Last year: "Guerra was a touted part of the Santana deal but the Twins turned him into a project, working to improve his delivery. He has made progress this year, finishing the year at AA. Next year he will likely start the season at AA again. But if he develops as expected, he will likely have the opportunity to show his stuff in the major leagues at sometime next year."

Guerra faded at AA as the season progressed. His inability to keep up with the league is a bad sign.  

Wilson Ramos (C)

Last year: "A power hitting catcher with a plus arm and defensive skills. You can't get much better than that. I am just repeating what I said last year. If he can stay healthy for a full season, this kid has star written all over him."

Ramos was traded. He still has the tools to be a major league regular catcher, but there were some comments indicating the Twins had questions about his weight. Even if his weight problems reduce his mobility behind the plate, his bat and arm should still keep him in the major leagues. But it might be more as a backup catcher, DH and bat off the bench, rather than an allstar.

Rene Tosoni (OF)

Last year: "Tosoni is in the Arizona League. was injured this year. He hits for both average and with enough power to take a corner outfield spot. He is almost ready to contribute at the major league level. The question is how the Twins find a spot for him."

Tosoni was injured most of this year. He still has potential, but its not clear that he will stay healthy long enough to ever develop that potential. And he didn't show much at AA before he was hurt.

Tyler Robertson (P)

Last year: "Robertson remains one of the Twins top young prospects. He is still a couple years away but he has the potential to be a top of the rotation starter"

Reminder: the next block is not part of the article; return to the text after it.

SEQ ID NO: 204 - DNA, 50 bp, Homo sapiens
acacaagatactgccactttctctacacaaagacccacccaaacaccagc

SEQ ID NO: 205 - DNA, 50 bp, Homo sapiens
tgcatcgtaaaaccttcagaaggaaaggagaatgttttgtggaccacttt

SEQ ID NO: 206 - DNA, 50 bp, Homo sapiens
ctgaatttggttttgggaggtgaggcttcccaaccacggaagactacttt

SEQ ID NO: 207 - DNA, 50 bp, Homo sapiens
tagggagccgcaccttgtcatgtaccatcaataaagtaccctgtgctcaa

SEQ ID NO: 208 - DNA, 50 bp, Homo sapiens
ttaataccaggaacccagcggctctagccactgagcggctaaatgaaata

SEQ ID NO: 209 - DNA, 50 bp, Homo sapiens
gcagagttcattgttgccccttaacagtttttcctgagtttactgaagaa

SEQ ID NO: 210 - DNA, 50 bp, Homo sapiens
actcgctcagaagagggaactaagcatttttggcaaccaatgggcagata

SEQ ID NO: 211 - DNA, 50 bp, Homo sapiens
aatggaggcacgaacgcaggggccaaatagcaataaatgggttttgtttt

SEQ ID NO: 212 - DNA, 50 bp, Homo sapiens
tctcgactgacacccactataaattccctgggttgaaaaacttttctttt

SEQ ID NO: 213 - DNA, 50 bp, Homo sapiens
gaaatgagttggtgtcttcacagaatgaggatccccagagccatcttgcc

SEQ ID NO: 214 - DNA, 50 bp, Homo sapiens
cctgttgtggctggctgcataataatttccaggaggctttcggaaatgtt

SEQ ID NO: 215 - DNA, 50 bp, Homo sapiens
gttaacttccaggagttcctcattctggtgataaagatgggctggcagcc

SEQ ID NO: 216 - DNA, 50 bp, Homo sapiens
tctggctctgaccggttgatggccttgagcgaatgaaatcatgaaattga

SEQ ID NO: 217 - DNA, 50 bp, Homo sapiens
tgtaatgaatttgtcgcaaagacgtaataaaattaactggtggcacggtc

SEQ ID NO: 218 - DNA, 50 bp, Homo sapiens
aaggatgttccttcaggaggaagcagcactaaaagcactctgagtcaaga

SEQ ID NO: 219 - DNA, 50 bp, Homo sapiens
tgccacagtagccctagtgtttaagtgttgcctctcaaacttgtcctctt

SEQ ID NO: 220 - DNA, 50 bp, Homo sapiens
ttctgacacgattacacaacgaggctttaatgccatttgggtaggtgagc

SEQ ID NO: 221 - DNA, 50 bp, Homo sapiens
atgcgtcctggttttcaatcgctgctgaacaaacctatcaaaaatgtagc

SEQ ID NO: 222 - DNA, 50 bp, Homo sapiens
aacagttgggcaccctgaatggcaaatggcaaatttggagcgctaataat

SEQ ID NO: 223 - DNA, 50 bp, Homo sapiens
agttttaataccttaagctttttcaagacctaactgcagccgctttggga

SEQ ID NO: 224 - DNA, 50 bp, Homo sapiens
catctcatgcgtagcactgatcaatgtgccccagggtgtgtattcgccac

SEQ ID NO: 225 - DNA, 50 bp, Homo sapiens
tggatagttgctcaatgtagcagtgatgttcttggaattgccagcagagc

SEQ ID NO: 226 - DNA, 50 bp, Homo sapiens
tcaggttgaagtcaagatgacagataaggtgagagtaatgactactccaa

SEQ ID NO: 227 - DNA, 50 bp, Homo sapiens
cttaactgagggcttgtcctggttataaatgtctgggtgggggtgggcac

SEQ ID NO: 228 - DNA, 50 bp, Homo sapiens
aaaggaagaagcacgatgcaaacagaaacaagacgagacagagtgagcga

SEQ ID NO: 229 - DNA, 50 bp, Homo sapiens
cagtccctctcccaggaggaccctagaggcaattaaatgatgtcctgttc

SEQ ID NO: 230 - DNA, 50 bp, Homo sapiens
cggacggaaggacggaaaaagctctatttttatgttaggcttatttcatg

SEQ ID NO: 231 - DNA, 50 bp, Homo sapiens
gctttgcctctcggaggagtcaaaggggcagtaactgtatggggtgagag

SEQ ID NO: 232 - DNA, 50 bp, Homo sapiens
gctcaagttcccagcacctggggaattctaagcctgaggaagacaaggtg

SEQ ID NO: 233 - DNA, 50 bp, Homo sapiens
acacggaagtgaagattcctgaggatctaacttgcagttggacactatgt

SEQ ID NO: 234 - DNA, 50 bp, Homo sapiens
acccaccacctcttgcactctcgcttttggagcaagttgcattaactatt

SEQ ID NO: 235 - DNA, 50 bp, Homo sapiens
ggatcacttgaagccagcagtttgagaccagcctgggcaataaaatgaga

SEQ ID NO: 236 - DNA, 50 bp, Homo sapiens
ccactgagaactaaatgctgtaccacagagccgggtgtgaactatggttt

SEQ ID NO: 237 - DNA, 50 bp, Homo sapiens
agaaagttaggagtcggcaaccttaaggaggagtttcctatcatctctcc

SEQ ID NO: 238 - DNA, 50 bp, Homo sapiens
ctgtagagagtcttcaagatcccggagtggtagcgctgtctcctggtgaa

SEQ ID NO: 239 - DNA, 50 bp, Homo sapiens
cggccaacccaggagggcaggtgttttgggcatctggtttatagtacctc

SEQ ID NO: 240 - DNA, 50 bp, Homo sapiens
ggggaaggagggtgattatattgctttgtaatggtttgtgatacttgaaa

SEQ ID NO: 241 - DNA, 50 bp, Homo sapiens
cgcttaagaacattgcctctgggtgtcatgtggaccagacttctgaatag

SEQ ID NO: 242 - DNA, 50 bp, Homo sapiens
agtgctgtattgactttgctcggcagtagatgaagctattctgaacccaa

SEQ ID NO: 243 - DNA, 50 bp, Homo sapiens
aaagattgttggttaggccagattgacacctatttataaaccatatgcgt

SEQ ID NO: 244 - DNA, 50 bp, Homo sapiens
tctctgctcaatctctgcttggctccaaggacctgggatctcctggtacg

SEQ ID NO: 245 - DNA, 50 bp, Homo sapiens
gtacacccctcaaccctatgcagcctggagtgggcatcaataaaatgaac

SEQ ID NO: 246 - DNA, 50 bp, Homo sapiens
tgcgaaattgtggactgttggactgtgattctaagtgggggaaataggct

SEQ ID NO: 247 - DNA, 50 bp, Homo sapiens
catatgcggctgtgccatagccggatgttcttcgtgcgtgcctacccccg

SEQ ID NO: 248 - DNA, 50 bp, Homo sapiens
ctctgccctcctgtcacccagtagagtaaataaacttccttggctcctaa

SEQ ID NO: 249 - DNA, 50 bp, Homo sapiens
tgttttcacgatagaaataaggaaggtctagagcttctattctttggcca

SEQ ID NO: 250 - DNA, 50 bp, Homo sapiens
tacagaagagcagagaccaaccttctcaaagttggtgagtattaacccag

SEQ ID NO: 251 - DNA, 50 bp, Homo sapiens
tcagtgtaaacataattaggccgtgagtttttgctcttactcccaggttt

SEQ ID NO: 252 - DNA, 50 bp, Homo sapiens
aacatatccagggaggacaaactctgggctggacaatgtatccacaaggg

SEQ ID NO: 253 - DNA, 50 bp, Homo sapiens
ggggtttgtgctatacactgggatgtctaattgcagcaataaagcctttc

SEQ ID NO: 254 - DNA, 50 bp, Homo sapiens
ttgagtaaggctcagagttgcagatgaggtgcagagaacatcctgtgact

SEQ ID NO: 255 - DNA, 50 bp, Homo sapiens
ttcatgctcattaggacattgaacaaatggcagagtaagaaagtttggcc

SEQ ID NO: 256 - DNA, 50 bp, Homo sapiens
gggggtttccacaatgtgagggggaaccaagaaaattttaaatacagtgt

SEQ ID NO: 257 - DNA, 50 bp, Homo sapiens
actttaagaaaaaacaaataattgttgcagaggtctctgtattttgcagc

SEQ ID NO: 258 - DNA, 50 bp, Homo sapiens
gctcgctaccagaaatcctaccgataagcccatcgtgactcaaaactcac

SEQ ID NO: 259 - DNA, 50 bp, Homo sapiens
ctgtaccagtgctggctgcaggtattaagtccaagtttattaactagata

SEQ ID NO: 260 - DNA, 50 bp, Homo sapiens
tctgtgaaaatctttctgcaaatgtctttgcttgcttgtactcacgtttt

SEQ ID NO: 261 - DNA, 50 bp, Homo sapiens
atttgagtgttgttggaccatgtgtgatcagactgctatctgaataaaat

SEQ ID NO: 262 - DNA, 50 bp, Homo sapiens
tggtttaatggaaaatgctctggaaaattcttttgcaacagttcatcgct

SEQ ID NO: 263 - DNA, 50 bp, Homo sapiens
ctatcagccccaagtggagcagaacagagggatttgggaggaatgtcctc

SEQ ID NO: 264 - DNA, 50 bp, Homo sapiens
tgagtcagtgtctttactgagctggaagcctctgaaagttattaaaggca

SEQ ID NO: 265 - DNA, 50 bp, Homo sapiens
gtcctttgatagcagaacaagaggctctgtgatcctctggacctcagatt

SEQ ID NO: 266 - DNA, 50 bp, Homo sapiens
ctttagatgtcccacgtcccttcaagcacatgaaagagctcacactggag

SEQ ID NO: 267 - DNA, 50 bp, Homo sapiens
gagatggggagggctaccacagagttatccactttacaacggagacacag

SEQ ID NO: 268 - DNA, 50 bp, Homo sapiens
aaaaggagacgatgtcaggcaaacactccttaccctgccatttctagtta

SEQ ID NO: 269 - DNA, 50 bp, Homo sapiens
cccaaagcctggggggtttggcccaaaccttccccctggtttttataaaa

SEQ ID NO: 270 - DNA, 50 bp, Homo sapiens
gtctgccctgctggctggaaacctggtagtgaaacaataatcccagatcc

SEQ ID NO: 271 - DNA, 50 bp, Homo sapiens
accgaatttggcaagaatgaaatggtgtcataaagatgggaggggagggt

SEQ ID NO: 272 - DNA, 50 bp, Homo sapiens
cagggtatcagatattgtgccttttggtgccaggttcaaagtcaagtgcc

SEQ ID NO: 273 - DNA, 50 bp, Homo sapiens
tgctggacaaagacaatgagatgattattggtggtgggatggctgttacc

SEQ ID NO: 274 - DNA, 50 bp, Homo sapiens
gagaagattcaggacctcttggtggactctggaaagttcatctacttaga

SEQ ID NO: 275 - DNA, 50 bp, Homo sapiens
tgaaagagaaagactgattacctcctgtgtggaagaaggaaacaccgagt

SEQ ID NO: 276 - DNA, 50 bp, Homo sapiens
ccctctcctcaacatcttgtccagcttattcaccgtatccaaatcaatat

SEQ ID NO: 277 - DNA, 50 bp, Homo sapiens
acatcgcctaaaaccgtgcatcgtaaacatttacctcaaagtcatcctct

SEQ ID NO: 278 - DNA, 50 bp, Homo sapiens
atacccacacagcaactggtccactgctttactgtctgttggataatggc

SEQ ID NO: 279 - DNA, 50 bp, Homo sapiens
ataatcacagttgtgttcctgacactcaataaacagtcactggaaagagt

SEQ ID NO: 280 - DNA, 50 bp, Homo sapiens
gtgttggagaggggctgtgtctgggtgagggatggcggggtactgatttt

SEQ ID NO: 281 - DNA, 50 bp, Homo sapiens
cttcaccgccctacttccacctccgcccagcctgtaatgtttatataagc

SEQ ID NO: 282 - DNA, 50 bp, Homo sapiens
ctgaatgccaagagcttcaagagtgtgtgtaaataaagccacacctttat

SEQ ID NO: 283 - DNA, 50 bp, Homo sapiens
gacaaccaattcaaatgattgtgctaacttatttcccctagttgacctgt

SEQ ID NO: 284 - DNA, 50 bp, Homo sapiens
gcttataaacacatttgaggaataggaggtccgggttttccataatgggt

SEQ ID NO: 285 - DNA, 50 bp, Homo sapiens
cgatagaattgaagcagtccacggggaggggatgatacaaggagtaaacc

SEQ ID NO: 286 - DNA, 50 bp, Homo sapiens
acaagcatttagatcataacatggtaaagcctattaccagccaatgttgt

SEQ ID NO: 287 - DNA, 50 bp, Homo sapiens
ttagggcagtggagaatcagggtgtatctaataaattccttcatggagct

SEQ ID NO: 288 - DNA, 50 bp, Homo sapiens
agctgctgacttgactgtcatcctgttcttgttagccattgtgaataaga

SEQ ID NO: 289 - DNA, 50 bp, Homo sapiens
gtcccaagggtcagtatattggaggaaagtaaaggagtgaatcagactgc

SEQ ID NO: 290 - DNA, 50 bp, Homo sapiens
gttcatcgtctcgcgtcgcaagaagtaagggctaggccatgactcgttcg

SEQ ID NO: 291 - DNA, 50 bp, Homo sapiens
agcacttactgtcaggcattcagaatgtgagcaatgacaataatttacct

Robertson remains a prospect. But he really struggled at New Britain this year. He will pitch in the Arizona Fall League and that may determine whether he is protected on the roster.  He has the potential to be a top of the rotation starter but he is looking more like a bust right now. And he is likely at least a couple years away.


As I said above, I left last summer's Twins draft choices off the list just as I did last year. Shooter Hunt continued to give a good demonstration of why waiting for players to get a full year as a professional under their belt is a good idea. Sometimes players just don't make the transition to the professional game. Alex Wimmer may be great, but it would be a good idea to see how he does pitching every five days before making any decisions beyond what we knew when he was drafted. I have yet to see a first round choice who would not project as a top ten prospect in the fall after they were drafted, so you can just stick him on the end of this list if you are so inclined.